Howard Thurman travelled to India and returned to the U.S. intent on bringing nonviolence to the struggles of African Americans, writes Walter E. Fluker.
Director Martin Doblmeier’s new documentary, “Backs Against the Wall: The Howard Thurman Story,” is scheduled for release on public television in February. Thurman played an important role in the civil rights struggle as a key mentor to many leaders of the movement, including Martin Luther King Jr., among others.
I have been a scholar of Howard Thurman and Martin Luther King Jr. for over 30 years and I serve as the editor of Thurman’s papers. Thurman’s influence on King Jr. was critical in shaping the civil rights struggle as a nonviolent movement. Thurman was deeply influenced by how Gandhi used nonviolence in India’s struggle for independence from British rule.
Visit to India
Born in 1899, Howard Washington Thurman was raised by his formerly enslaved grandmother. He grew up to be an ordained Baptist minister and a leading religious figure of 20th-century America.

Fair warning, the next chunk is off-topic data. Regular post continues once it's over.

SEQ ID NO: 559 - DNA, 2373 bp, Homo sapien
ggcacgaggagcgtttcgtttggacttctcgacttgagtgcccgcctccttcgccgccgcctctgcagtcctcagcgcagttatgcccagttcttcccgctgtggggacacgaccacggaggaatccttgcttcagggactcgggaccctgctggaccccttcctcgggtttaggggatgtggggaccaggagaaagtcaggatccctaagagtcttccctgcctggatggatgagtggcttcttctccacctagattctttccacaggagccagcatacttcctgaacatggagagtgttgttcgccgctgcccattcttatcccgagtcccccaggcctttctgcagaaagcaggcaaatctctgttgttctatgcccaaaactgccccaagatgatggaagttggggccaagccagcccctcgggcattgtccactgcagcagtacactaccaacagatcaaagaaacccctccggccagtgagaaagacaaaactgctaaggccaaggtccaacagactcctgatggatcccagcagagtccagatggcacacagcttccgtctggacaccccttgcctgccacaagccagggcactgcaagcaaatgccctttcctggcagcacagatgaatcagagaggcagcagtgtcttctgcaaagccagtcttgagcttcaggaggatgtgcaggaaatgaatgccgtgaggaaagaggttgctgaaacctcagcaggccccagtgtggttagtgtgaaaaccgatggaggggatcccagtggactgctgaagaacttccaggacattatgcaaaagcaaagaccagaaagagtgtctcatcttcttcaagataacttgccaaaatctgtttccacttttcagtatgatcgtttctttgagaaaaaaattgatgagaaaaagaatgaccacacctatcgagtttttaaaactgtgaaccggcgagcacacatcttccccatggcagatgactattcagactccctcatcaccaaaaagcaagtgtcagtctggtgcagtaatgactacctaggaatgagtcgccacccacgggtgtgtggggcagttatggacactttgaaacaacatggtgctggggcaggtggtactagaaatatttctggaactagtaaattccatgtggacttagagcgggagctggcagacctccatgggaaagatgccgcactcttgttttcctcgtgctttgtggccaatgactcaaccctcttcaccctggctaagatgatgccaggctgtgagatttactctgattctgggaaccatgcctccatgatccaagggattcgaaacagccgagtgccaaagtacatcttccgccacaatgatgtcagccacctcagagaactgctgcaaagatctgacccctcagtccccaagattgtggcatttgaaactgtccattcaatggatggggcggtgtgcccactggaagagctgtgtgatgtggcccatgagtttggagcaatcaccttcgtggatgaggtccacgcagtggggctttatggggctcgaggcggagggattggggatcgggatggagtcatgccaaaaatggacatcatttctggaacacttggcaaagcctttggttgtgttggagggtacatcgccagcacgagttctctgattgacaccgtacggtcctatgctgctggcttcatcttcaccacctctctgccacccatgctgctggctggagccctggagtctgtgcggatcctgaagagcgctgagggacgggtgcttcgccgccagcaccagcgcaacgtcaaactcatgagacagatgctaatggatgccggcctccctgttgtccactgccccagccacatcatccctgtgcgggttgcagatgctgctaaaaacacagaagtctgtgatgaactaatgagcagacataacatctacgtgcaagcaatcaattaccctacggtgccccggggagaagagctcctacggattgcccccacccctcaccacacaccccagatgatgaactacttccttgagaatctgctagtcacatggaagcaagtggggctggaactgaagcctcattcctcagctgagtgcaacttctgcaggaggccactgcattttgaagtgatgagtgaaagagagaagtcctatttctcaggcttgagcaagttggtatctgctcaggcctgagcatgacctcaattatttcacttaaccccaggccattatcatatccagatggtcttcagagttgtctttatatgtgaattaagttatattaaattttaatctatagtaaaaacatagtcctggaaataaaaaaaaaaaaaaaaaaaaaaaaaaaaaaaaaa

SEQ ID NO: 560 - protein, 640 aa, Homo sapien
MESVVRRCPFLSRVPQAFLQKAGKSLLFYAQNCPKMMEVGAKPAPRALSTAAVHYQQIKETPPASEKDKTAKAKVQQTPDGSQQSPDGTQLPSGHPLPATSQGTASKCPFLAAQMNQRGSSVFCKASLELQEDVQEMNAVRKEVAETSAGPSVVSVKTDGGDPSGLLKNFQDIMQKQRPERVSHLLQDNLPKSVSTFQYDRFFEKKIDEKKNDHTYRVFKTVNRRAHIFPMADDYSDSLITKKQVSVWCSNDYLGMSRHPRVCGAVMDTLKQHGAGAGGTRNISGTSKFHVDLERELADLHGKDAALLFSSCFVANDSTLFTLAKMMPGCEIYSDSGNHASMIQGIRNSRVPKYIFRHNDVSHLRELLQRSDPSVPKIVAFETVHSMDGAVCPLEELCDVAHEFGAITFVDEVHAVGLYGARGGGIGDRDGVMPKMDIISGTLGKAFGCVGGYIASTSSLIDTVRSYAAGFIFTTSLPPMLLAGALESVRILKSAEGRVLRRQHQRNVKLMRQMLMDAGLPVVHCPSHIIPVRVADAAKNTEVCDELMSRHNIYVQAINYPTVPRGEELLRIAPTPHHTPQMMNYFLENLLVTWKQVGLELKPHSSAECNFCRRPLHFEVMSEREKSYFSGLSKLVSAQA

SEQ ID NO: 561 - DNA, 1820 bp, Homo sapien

In 1936 Thurman led a four-member delegation to India, Burma (Myanmar), and Ceylon (Sri Lanka), known as the “pilgrimage of friendship.” It was during this visit that he would meet Mahatma Gandhi, who at the time was leading a nonviolent struggle of independence from British rule.
The delegation had been sponsored by the Student Christian Movement in India who wanted to explore the political connections between the oppression of blacks in the United States and the freedom struggles of the people of India.
The general secretary of the Indian Student Christian Movement, A. Ralla Ram, had argued for inviting a “Negro” delegation. He said that “since Christianity in India is the ‘oppressor’s’ religion, there would be a unique value in having representatives of another oppressed group speak on the validity and contribution of Christianity.”
Between October 1935 and April…